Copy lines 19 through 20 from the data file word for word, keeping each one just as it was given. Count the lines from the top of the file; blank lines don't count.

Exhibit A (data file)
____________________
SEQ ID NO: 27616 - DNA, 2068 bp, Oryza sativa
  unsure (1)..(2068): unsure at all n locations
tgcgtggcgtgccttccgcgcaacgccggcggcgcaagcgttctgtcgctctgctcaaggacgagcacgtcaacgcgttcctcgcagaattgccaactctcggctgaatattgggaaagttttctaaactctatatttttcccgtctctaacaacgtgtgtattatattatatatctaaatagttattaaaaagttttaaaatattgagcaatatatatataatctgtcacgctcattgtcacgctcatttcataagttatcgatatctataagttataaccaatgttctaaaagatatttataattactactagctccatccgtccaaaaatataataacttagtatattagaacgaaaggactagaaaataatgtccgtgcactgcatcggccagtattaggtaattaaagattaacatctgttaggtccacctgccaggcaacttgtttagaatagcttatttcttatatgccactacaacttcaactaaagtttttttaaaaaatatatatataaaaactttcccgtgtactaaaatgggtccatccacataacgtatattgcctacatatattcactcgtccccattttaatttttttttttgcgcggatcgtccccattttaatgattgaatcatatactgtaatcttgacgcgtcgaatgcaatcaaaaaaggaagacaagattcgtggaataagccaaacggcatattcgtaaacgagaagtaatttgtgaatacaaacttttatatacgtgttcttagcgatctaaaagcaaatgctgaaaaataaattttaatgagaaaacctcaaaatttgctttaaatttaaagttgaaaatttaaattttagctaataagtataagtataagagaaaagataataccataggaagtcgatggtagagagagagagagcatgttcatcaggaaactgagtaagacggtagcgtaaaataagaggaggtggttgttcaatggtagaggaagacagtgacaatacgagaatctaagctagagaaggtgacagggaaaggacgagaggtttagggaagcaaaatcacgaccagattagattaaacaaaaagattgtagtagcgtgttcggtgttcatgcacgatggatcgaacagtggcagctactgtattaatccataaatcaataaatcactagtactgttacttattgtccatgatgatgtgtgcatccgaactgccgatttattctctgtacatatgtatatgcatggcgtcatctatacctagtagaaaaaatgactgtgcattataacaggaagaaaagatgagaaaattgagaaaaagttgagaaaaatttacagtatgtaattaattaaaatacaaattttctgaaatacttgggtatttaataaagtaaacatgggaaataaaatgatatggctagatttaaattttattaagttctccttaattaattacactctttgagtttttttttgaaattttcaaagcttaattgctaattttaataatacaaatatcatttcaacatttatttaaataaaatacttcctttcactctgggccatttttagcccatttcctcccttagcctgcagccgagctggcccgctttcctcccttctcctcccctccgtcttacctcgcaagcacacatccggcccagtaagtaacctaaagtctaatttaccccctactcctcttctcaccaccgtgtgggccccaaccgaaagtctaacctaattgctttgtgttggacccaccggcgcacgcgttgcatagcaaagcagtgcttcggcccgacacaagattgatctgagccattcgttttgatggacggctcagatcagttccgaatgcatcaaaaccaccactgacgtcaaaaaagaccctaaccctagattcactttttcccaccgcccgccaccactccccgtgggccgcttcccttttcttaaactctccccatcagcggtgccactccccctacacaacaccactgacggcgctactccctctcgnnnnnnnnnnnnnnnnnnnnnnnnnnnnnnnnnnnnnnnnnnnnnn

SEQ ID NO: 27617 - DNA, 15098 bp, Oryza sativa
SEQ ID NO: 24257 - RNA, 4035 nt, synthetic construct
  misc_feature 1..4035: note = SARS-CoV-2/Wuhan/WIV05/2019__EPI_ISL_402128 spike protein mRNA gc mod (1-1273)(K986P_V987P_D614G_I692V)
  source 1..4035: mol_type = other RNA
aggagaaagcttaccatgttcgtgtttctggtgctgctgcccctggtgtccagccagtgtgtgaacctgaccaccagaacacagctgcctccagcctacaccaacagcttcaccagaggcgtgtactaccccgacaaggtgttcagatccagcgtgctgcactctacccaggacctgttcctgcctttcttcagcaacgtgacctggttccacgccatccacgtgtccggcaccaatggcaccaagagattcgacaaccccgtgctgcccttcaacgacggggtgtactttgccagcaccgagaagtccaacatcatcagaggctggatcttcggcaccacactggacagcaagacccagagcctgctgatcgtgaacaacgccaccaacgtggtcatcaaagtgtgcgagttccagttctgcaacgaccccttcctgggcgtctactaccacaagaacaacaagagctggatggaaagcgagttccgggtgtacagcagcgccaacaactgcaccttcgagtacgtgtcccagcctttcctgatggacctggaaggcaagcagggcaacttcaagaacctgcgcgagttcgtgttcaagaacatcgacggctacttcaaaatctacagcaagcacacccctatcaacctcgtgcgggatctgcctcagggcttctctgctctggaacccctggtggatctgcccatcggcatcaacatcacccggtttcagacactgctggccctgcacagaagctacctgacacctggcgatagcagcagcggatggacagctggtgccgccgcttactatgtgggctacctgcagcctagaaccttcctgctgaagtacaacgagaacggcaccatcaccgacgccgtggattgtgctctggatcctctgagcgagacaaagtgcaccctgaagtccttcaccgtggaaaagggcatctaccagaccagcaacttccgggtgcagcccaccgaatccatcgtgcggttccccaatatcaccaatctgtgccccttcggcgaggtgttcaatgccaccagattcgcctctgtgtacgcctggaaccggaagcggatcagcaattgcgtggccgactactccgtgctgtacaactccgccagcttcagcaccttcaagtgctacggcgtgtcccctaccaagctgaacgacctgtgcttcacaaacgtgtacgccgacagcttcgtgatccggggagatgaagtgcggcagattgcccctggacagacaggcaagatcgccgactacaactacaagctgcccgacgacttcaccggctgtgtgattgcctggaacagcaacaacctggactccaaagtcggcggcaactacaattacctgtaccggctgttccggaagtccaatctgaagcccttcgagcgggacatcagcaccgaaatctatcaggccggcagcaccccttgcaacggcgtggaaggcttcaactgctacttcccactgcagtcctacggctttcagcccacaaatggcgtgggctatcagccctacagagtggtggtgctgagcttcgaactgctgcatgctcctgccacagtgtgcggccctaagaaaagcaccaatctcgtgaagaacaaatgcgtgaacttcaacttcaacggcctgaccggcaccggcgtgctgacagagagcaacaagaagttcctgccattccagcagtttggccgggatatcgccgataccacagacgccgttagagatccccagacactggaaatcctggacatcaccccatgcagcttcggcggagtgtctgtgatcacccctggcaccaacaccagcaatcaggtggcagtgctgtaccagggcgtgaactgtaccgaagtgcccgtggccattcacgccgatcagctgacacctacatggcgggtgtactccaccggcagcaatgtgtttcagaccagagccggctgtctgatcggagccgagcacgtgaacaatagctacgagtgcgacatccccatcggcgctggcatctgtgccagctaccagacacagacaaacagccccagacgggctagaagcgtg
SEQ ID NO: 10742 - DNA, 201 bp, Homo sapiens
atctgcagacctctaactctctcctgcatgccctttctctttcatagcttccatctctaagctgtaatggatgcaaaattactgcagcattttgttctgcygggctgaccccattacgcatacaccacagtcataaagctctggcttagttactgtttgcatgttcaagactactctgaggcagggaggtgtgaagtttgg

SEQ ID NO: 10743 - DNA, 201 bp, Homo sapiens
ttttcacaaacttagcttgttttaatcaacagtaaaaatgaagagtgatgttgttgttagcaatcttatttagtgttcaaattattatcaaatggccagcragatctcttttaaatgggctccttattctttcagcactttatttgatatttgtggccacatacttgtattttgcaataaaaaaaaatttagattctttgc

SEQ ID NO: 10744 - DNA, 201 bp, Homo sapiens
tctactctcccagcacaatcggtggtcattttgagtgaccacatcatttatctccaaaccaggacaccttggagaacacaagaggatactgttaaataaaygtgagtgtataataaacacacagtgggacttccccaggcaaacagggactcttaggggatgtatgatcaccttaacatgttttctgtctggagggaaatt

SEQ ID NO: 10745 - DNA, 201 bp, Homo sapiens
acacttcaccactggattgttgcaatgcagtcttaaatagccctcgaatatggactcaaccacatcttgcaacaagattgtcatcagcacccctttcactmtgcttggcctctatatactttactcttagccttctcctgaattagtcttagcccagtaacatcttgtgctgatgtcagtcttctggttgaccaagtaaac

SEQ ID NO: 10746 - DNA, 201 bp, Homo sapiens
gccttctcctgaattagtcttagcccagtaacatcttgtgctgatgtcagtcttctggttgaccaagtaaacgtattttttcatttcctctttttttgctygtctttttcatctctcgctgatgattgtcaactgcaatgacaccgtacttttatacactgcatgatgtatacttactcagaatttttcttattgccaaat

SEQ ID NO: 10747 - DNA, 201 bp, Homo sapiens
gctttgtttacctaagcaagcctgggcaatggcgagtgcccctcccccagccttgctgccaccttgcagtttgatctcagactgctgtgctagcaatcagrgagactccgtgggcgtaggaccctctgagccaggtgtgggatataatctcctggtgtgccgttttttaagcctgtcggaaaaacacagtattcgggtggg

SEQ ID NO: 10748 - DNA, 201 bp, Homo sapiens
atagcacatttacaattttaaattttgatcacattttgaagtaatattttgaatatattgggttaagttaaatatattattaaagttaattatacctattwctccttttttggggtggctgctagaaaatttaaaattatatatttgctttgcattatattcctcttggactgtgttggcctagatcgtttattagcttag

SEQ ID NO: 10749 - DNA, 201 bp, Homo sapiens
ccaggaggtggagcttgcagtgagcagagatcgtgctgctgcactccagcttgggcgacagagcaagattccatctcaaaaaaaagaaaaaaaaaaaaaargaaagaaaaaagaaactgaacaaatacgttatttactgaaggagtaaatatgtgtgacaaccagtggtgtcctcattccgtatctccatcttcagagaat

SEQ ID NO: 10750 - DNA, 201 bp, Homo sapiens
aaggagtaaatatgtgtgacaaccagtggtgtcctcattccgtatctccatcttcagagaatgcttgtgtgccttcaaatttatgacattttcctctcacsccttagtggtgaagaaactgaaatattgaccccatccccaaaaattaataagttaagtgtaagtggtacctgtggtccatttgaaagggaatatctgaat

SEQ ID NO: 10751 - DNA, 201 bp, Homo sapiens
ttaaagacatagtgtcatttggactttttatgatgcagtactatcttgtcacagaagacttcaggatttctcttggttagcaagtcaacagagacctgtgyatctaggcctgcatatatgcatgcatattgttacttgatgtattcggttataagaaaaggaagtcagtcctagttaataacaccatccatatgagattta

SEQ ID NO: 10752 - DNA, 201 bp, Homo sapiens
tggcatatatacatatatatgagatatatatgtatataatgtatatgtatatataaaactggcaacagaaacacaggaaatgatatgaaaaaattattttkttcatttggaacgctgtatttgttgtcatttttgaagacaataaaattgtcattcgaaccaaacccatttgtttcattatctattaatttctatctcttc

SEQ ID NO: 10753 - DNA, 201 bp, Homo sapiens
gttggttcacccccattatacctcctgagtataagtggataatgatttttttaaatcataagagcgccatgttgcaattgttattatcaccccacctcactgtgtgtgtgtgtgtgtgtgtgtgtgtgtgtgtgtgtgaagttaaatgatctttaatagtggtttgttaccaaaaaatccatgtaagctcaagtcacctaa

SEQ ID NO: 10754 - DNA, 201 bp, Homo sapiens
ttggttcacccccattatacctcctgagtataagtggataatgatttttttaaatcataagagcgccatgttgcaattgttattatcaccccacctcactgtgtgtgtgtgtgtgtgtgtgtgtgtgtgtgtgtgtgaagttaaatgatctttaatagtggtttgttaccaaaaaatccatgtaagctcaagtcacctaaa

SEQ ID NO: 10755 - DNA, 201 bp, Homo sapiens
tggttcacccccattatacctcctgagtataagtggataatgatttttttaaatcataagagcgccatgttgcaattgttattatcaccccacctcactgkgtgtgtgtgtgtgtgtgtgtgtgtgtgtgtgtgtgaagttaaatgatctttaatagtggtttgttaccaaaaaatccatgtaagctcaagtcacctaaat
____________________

SEQ ID NO: 10747 - DNA, 201 bp, Homo sapiens
gctttgtttacctaagcaagcctgggcaatggcgagtgcccctcccccagccttgctgccaccttgcagtttgatctcagactgctgtgctagcaatcagrgagactccgtgggcgtaggaccctctgagccaggtgtgggatataatctcctggtgtgccgttttttaagcctgtcggaaaaacacagtattcgggtggg